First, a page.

They worked! Eureka! Intelligence conquered brute machinery. Civilization advanced.

Of course, as soon as the washer got to the rinse cycle and tried to refill the washer tub, the water shut off again. Apparently the automatic shutoff feature thinks that any use of water is suspect. This is a new kind of conservation.

The human reaction

When the hoses shut off again, would you guess that I found my way to my comfortable easy chair and mused on the ironies of mortality? Do you think I reflected on the Lehite challenges in the wilderness and considered myself fortunate? If so, you are mistaken.

I was mad. I was mad at the manufacturer and the plumber. But I did not write them salty letters. No, I did what any red-blooded man would do. I blamed my wife.

Why did she listen to that idiot plumber? How many people had she personally known whose washer hoses had burst? What harm could a flood do to a house built on a slab? Why didn’t she trust her wise husband? Etc., etc., ad nauseum.
I don’t want to misrepresent my wrath. I am just civilized enough that I do not yell. I just provided a slow, scorching heat rather than an explosion. So civil!

By now I had wasted more time than I could afford. I thought about removing the lovely new hoses and selling them to NASA for a handsome sum. But I intended to get my money back from the home Improvement Store. If I could just find my receipt. I dug in the closet where I stack them and found lots of receipts—but none for the hoses.

New hoses

So we drove to the store and confronted the lady at the service desk. She meekly gave us a store credit. And we went looking for hoses. We were sent to aisle 27. Nothing. Then to an end cap on aisle 24. Nothing. Finally found some hoses tucked behind the appliance section in a corner. They had plain hoses without the automatic shutoff feature.

Of course the simple hoses cost more than the fancy hoses with the automatic feature. We bought them and installed them and found that the washing machine worked great. I had wasted a lot of time, scraped my knuckles, squirted water everywhere, spent additional money, and hurt my wife’s feelings. But the machine worked.

Yet this is not a simple victory. I do have nightmares that the hoses are not tight enough since the pliers couldn’t reach the connections very well. I wake in the night thinking I should check the connections. And I wonder if we damaged the washing machine when we ran it without any water. Every groan of the old machine makes me worry.

It seems that we never have any simple victories in mortality.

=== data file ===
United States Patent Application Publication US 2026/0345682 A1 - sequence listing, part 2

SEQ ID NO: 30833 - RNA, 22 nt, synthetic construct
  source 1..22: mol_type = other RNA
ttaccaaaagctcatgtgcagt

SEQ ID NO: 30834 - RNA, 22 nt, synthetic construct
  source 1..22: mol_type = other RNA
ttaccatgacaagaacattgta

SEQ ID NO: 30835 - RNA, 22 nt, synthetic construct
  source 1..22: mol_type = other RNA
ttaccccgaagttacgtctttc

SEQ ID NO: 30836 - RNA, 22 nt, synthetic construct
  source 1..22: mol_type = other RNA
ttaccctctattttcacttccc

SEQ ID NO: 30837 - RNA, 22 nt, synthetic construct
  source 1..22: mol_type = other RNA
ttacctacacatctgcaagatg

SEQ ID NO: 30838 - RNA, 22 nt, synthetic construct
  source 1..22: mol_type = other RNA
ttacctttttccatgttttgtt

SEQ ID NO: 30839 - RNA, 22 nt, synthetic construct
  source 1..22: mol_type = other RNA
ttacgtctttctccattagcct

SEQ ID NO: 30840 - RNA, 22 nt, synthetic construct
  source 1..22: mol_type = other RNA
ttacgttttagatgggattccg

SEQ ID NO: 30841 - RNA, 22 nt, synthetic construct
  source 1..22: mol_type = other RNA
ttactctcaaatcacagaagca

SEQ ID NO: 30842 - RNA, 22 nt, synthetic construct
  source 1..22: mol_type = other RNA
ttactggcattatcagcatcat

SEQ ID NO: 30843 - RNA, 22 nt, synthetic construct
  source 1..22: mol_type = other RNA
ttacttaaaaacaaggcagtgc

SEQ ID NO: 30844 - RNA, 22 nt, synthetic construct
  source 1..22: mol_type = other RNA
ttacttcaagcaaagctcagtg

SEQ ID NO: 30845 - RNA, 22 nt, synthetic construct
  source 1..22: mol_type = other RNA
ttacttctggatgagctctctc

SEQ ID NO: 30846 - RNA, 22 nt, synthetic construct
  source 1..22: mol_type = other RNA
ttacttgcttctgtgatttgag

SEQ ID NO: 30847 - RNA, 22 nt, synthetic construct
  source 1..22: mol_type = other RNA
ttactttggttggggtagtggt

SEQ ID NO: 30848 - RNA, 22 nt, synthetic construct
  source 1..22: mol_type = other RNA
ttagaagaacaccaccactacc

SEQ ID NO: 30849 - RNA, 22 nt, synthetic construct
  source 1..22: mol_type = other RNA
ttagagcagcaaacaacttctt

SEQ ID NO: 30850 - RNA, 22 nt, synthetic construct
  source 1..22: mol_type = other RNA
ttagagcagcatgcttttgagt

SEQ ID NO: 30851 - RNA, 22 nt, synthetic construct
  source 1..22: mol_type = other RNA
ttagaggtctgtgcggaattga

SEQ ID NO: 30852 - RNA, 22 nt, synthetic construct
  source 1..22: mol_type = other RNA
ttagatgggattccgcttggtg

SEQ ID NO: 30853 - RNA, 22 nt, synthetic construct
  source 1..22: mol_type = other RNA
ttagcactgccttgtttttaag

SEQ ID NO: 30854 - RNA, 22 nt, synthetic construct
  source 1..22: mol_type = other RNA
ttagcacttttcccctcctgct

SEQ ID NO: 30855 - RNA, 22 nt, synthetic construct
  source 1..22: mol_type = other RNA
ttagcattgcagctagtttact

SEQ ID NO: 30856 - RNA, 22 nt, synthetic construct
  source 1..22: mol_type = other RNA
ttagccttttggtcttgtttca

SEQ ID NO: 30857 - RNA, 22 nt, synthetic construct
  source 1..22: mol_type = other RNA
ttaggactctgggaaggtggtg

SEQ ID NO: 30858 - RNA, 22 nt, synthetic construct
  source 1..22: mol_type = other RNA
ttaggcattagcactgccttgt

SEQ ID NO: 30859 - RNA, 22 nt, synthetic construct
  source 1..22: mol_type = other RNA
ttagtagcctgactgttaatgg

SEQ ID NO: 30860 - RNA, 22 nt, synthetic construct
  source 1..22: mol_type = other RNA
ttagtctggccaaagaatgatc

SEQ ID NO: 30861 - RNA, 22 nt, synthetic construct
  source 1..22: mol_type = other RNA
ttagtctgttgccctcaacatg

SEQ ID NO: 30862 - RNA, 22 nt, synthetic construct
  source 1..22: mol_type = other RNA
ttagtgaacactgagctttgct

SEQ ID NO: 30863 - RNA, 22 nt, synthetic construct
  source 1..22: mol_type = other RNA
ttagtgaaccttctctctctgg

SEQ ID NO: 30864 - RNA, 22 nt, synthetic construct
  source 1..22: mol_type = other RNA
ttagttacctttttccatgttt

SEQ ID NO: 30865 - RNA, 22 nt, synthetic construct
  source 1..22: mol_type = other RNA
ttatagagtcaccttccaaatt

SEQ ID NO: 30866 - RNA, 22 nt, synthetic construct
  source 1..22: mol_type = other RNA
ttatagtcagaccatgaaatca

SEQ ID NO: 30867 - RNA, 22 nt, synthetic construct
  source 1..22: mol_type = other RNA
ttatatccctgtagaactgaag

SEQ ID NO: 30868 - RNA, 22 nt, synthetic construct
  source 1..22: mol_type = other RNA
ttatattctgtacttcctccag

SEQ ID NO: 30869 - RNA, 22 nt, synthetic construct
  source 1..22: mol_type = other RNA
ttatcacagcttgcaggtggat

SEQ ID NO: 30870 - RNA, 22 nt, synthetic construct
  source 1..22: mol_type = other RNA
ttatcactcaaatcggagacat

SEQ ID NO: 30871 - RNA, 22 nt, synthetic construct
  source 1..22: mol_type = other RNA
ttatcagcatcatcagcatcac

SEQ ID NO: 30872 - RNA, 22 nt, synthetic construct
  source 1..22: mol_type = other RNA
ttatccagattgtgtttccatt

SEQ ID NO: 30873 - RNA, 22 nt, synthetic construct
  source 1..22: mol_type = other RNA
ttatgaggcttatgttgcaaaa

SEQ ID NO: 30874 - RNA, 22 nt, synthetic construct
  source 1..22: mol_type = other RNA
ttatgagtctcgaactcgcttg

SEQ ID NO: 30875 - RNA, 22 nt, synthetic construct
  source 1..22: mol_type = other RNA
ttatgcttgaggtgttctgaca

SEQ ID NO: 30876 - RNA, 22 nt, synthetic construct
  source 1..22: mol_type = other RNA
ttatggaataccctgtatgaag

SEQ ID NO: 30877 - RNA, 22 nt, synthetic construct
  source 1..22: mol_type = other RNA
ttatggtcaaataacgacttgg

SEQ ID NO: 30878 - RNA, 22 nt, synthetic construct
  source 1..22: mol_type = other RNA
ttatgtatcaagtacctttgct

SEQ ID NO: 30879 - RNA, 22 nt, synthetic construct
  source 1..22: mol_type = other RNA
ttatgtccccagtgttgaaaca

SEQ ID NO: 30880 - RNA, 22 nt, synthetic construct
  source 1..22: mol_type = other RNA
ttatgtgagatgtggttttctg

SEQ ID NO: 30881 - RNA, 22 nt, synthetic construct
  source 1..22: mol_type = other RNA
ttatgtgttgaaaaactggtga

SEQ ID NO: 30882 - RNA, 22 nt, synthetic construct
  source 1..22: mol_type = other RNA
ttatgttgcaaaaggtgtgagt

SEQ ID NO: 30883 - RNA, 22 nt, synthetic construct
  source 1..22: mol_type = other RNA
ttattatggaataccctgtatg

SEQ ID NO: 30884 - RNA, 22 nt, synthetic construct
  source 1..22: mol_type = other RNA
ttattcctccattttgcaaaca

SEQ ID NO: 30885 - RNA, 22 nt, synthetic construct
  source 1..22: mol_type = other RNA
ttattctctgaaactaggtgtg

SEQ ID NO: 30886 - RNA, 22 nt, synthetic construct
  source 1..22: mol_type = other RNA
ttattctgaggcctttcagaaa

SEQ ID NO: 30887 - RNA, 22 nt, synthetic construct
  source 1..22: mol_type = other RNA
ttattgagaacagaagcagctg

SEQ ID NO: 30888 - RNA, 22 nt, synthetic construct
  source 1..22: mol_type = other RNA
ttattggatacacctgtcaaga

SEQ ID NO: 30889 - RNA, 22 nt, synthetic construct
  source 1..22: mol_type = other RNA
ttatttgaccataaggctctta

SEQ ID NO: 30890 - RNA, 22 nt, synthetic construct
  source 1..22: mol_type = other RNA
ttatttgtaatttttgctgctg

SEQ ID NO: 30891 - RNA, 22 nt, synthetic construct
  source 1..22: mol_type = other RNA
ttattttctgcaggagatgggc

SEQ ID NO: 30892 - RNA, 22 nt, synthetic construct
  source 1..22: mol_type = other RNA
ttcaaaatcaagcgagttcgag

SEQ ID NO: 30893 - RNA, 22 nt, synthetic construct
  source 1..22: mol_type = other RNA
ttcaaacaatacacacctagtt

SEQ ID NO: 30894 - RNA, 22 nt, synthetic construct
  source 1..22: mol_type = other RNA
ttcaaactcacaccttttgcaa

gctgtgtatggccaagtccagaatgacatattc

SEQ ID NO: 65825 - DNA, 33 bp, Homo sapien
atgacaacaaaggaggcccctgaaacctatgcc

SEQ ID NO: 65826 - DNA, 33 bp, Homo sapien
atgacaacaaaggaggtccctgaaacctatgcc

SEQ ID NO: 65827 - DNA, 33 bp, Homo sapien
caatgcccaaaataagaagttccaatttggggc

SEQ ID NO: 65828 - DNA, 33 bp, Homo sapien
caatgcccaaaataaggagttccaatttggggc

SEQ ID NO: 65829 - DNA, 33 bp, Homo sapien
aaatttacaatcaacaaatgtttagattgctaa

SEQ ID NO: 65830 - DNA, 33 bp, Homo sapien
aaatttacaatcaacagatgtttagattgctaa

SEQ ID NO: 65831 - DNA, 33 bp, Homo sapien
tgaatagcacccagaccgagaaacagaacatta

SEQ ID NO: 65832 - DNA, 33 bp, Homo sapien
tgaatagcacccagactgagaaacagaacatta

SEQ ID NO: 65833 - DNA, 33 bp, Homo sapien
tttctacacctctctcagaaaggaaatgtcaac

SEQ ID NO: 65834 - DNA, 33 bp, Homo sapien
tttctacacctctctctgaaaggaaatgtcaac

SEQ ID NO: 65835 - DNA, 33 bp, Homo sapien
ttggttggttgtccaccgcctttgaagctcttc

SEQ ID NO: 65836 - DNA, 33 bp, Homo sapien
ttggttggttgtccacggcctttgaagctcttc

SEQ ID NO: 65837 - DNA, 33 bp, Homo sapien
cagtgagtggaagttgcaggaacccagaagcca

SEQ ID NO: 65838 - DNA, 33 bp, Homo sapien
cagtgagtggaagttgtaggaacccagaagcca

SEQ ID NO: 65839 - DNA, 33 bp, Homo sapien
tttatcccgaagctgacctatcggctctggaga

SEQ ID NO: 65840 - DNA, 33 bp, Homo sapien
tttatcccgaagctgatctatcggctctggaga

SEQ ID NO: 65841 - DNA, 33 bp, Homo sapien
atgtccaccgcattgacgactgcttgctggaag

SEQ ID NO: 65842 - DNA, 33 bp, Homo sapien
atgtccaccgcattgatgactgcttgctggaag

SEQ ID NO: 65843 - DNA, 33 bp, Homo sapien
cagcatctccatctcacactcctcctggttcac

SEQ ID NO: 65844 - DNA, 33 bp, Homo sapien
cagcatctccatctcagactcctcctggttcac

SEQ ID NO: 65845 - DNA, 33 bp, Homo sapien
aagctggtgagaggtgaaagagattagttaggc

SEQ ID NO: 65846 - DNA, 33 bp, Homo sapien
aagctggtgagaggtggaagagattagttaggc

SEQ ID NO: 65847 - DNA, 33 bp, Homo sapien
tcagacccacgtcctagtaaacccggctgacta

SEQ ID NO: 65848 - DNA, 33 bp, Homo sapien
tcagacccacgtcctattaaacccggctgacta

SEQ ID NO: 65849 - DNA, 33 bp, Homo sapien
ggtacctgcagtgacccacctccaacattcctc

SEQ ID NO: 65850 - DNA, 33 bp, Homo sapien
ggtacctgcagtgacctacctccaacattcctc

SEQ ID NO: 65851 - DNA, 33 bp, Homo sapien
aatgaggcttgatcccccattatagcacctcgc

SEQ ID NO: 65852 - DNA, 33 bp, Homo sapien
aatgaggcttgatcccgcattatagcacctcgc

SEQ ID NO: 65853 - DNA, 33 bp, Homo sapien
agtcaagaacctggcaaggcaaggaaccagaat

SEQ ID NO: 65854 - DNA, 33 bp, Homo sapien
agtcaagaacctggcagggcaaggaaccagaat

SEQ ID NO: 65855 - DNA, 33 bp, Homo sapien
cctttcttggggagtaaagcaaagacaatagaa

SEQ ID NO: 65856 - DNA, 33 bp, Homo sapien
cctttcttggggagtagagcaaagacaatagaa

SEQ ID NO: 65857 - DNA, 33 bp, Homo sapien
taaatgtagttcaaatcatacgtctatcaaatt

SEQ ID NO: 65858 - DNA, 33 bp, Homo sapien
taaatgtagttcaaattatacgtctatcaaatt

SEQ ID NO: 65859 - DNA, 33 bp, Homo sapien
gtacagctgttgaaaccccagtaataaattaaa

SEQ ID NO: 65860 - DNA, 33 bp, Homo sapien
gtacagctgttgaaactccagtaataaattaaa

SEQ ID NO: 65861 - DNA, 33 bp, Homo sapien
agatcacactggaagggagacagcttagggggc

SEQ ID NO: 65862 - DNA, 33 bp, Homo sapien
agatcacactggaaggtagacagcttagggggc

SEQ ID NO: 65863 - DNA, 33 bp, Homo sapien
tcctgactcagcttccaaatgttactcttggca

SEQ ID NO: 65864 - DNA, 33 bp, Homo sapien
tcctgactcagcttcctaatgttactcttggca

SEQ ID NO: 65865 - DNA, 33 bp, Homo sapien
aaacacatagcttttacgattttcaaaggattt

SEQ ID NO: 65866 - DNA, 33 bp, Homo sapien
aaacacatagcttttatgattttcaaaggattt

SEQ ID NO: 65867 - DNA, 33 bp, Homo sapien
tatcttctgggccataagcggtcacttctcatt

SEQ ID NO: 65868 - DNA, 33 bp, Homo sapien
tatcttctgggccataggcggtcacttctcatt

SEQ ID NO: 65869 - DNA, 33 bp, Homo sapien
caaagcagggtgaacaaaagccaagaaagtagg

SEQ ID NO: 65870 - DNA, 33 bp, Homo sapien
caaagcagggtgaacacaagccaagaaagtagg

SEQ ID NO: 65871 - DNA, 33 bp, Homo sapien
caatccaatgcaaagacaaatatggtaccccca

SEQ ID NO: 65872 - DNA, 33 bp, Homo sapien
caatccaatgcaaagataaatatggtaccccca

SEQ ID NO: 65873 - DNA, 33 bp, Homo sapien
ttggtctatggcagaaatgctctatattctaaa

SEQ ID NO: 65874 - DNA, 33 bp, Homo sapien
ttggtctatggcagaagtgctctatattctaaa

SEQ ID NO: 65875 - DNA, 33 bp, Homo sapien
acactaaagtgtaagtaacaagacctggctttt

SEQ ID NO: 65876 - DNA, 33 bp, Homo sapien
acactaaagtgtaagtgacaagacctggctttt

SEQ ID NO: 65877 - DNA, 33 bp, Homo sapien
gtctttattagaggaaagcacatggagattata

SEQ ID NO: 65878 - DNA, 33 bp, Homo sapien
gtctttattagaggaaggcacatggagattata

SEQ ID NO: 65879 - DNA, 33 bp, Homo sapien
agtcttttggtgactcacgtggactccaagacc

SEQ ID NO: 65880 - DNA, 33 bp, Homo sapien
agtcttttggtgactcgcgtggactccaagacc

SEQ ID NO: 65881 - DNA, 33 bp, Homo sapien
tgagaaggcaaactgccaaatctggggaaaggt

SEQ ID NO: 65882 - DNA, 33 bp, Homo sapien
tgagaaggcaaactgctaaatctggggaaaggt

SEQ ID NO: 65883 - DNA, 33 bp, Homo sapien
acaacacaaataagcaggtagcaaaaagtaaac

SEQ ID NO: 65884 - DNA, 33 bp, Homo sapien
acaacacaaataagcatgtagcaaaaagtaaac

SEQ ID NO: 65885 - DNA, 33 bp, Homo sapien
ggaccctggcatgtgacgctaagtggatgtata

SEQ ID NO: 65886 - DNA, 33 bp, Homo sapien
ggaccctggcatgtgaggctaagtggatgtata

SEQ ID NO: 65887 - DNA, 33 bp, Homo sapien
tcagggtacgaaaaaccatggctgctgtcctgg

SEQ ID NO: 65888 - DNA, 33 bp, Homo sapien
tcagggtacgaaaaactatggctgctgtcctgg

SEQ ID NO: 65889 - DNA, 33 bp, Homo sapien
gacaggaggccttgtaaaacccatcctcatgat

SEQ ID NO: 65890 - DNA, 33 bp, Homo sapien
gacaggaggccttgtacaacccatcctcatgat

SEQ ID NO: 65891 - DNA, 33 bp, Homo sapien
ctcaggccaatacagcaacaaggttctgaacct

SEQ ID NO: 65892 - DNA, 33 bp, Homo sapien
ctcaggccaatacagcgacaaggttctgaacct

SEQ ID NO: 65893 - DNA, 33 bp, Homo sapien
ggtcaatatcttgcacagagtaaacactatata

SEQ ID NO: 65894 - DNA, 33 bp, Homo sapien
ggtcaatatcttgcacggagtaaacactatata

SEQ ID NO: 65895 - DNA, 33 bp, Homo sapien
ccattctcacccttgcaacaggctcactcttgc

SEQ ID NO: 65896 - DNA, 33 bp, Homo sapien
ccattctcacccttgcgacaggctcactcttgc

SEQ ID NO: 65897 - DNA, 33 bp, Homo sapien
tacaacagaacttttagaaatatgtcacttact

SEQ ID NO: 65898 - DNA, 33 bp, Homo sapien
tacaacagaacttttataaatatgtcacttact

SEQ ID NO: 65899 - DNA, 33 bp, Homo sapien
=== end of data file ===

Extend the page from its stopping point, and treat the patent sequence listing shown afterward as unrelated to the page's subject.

A new definition of victory

My guess is that you can recount numerous disasters more harrowing than my encounter with the washing machine. They are universal.

But let’s tinker with our assumptions. My default assumption in my run-in with the washing machine was that good sense and patience will triumph in our many challenges in life. If we live wisely, our lives will go smoothly.

Latter-day Saints may be especially vulnerable to the rosy world view. We expect to be blessed for doing what is right. Then the sky falls. We don’t marry. Or our made-in-heaven marriage falls apart. Our children stray. Our careers flounder. We ask, “What did I do wrong? Didn’t I have enough faith? Is God mad at me? Is the ‘good news’ really a deception?”

It turns out that doing good does not guarantee a life of contentment and fulfilled dreams. We may be blessed for our efforts with the gift of serenity—or with new challenges. God will provide precisely the experiences that can lead us to greater faith and a closer relationship with Him. We can shake our washing machine hoses at heaven or we can move resolutely and peacefully to our next rendezvous with God.

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The rosy assumption does not hold up very well when we look at the lives of saints. Suffering Job. Joseph Smith. Jeremiah. Adam. Spencer W. Kimball. Jesus. These are good people who gave life their best and still got pummeled.
So maybe we should try a new assumption. Maybe life is designed to deliver a solid and growing measure of failure for each of us—especially the valiant. Maybe the Grand Designer wants us to be humble rather than self-sufficient. Maybe He wants us to learn firsthand our dependence on Him. By systematically inserting failure into our experience, we are likely to become either discouraged and bitter or relentlessly reliant on the One. We can learn to trust Him.

Any time we chafe at life, we have a need to submit to heavenly tutoring.

Trusting in the arm of flesh

We have had trials more troublesome than the encounter with the hoses. In the course of over 20 miscarriages, Nancy and I tried medical help, priesthood blessings, and raw faith. Nothing seemed to help. The miscarriages became more regular. At one point I confronted and threatened God. “Why would He do this to two young people who were trying to do good?”